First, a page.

Trump and the Times

Like a festering boil in an old woman’s backside, Donald Trump continues to drive the increasingly hysterical pundits of the New York Times mad with frustration. Like a rash, The Donald will simply not go away. Once upon a time, the Times called herself the gray old lady, now, if truth be told, it’s much closer to a bitter old bag. Long-winded, over-explained, tendentious, and very biased against anything normal, the Times is more to be pitied than loathed. Among many other things, Trump has exposed her to what she really is: desperate to keep her dwindling readership by embracing transgender, bisexual, black, Hispanic, even criminal elements, against Christian whites. Someone somewhere must be turning over in their grave.

But this month’s column is not only about the dull and boring Times. It’s about how everyone in the world needs someone else to look down at. Trump has become a convenient catchall for arrogant and self-important hacks to show their contempt for those less educated than themselves, the “invisibles,” who are stupid enough to be for Trump. However smarmy and oleaginous towards Hillary Clinton, pundits are desperate to show themselves as leaders for a responsible electorate. They are nothing of the sort.

Here’s an example of what I mean by unbiased news reporting the Times does not practice. The paper recently sided with the Muslims in a controversial article that pretended to be a news report about 150 Somali Muslims who were fired by an American company in Colorado for demanding 20-minute breaks during their shifts on an assembly line for prayer. I will not go into detail, but every trick in the book was used. The only fact that wasn’t mentioned is that we are a secular society, and prayers are left at home or in our churches, synagogues, or mosques.

In today’s world, where everyone is a reviewer and a pundit, those who pretend to know better survive. The Internet has done to humility what Bomber Command did to Dresden in 1945.  If a New Yorker wants real facts, he or she reads the Wall Street Journal. If they want fun, the New York Post. (For class, Quest.) The two former are owned by Rupert (lover boy) Murdock, a man who keeps papers alive and thinks the reader is important. The exact opposite of the New York Times crowd whose motto is, “I will teach these no-nothings what to think.” One of these creatures, a columnist, recently took the high road and called voting for Trump a moral error. If I were writing for the old bag, heaven forbid, morality would not be a word in my lexicon.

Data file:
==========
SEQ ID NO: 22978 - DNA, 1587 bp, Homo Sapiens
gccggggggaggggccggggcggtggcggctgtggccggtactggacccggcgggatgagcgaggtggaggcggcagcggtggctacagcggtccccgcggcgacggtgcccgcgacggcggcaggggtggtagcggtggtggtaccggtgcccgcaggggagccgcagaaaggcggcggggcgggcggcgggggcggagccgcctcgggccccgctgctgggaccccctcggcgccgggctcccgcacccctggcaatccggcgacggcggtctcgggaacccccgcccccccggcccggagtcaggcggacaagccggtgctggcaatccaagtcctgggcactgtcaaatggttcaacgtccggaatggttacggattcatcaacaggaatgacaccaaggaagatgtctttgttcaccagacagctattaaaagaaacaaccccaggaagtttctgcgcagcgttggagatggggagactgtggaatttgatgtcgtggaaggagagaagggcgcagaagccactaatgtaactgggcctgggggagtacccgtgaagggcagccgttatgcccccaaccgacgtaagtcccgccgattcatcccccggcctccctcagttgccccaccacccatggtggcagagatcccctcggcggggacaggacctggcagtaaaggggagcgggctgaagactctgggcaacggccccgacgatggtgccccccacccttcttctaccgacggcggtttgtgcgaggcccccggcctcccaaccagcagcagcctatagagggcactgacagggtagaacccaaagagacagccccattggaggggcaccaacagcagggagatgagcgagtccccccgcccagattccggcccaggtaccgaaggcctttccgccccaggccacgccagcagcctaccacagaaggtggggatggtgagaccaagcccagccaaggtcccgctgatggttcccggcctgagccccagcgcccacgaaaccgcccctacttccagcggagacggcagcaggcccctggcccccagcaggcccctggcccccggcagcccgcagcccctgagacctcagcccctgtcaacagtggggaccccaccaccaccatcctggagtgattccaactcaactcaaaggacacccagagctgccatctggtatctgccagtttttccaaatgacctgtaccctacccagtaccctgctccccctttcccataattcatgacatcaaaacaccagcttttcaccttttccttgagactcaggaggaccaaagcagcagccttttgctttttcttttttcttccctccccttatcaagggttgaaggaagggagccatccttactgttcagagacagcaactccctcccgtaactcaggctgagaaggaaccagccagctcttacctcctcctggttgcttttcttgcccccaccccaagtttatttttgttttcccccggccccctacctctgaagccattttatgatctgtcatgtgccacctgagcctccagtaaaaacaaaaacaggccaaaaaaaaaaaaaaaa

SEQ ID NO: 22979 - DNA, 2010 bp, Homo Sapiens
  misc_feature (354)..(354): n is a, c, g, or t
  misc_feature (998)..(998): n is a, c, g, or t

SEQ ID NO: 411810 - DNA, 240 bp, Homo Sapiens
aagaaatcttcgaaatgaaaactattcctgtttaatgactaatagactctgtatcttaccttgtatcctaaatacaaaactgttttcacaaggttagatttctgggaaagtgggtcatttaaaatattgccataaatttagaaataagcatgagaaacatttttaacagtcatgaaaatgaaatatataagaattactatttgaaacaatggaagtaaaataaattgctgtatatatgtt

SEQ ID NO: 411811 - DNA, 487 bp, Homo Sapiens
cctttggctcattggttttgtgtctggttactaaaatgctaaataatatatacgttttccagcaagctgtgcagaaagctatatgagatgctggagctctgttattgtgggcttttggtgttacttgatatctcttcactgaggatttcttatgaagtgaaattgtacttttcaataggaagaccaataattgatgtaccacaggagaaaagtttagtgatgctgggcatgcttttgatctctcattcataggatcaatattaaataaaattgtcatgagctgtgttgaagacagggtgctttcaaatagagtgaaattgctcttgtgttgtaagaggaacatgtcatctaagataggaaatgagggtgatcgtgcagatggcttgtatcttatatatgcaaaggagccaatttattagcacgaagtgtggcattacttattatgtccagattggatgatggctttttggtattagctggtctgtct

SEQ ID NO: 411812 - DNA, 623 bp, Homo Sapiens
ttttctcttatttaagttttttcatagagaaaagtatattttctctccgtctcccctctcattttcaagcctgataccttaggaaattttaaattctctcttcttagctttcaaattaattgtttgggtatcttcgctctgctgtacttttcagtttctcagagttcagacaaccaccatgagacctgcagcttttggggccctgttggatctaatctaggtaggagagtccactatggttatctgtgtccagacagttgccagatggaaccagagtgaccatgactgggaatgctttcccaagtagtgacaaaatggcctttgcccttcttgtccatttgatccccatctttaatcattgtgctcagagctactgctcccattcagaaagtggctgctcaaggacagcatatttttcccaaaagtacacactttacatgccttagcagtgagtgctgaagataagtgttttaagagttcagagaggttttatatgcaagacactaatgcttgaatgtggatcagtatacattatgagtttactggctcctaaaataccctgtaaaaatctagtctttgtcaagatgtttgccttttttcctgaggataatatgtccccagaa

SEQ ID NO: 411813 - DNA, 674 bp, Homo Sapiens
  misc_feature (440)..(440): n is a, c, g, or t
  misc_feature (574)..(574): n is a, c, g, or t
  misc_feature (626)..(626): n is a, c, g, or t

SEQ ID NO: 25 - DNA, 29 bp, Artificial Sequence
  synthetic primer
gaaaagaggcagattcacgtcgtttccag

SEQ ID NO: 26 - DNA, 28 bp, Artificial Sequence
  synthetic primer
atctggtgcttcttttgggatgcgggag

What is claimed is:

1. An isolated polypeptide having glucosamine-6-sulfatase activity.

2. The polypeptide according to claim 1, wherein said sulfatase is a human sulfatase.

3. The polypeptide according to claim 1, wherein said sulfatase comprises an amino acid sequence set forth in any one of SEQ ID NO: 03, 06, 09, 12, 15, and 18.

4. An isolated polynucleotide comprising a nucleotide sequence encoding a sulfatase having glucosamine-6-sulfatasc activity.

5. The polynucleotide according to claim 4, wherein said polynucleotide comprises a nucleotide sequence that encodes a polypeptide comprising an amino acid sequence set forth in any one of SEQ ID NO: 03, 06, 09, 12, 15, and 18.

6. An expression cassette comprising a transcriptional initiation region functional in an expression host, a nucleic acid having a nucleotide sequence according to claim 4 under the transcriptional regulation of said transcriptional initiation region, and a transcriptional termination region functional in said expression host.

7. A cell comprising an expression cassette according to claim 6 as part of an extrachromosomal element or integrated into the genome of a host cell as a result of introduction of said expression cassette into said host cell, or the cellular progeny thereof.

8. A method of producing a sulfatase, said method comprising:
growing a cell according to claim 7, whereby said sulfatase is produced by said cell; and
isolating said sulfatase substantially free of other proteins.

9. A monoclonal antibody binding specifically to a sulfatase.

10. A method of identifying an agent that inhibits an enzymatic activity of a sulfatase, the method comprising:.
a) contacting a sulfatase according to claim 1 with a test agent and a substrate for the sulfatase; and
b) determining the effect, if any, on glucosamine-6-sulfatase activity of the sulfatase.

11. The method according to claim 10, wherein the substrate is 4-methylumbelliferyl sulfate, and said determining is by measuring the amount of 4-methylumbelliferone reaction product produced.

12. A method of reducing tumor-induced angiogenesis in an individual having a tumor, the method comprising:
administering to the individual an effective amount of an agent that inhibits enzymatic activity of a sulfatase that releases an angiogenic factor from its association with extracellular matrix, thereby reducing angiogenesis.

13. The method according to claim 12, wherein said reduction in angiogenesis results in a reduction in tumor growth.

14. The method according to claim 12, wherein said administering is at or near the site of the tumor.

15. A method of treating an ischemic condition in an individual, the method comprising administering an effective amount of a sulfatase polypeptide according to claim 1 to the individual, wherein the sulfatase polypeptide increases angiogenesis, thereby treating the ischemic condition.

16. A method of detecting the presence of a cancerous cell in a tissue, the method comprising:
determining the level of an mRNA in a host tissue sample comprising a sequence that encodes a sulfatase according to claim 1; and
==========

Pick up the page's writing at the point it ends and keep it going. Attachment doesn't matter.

Stuffed to the gills with embittered and furious lefties frantically trying to outdo each other with venomous attacks against the billionaire, they present The Donald as a head-chopping maniac who makes ISIS look like Mother Teresa. If that’s news fit to print, I’m Monica Lewinsky. Mind you, every newspaper and magazine is entitled to hold an opinion, but masking dogma as truth universally acknowledged is hardly cricket. For example: “The Parent-Child Discussion That So Many Dread: Donald Trump” was a recent Times headline. I found the quotes mostly made up, although I have no proof of that, just my instinct. The writer certainly has learned how to shade a story from London’s tabloids, where the truth is as rare as compassion is among jihadists. Writing a long article about how parents were embarrassed by Trump’s crudeness was a stretch. Television and the movies are full of sex, vulgarities and violence, yet one unfortunate remark, mostly meant in jest, hardly deserves a boring diatribe about the dilemmas American parents are faced with when trying to explain Donald Trump to their children.

Modern society is dominated by emotion and propaganda rather than reason. Hijacked by shysters and special interest groups, government no longer serves the people, hence the Trump phenomenon. There is nothing more American than the cold-eyes distrust of politicians, hence The Donald. But try telling that to, say, William Kristol, a neo-con who midwifed the Iraq war. Or to the rest of the neo-cons who helped George W. Bush make the most disastrous decision by any American president ever. That Kristol was given writing lessons at an early age is a shocking case of child abuse. The utter crap that emanates from him is proof. As is the case with his buddy, John Podhoretz, whose daily intake of pizza equals that of the consumption by the State of California.

The neo-cons took over the Republican Party and made it the war party. Millions have died, tens of millions are displaced persons, Europe has been overrun by displaced Arabs and Africans, and Uncle Sam is close to two trillion big ones wasted, yet these very same bums are railing against Trump. Ditto Hillary, who voted for the war.

“Is there any scarier nightmare than president Donald?” asks one Times columnist, a man I regularly read when unable to sleep. He claims that Trump’s “sweaty finger on the nuclear trigger” keeps him up at night. Another hack, calls it heartbreaking that America’s next commander in chief may be a global joke. A global joke? After Sarkozy and Hollande in France, the Merkel swine in Germany, or the Juncker mincing rat of a man as head of the EU, I wouldn’t worry about becoming a joke. The Clintons represent the past, as does W. and the neo-cons. There had to be a mutation, and that is Donald Trump. As Honest Abe said, “You can’t fool all the people all of the time.” It’s also time for the Times to hang up her petticoat. It’s much too soiled.

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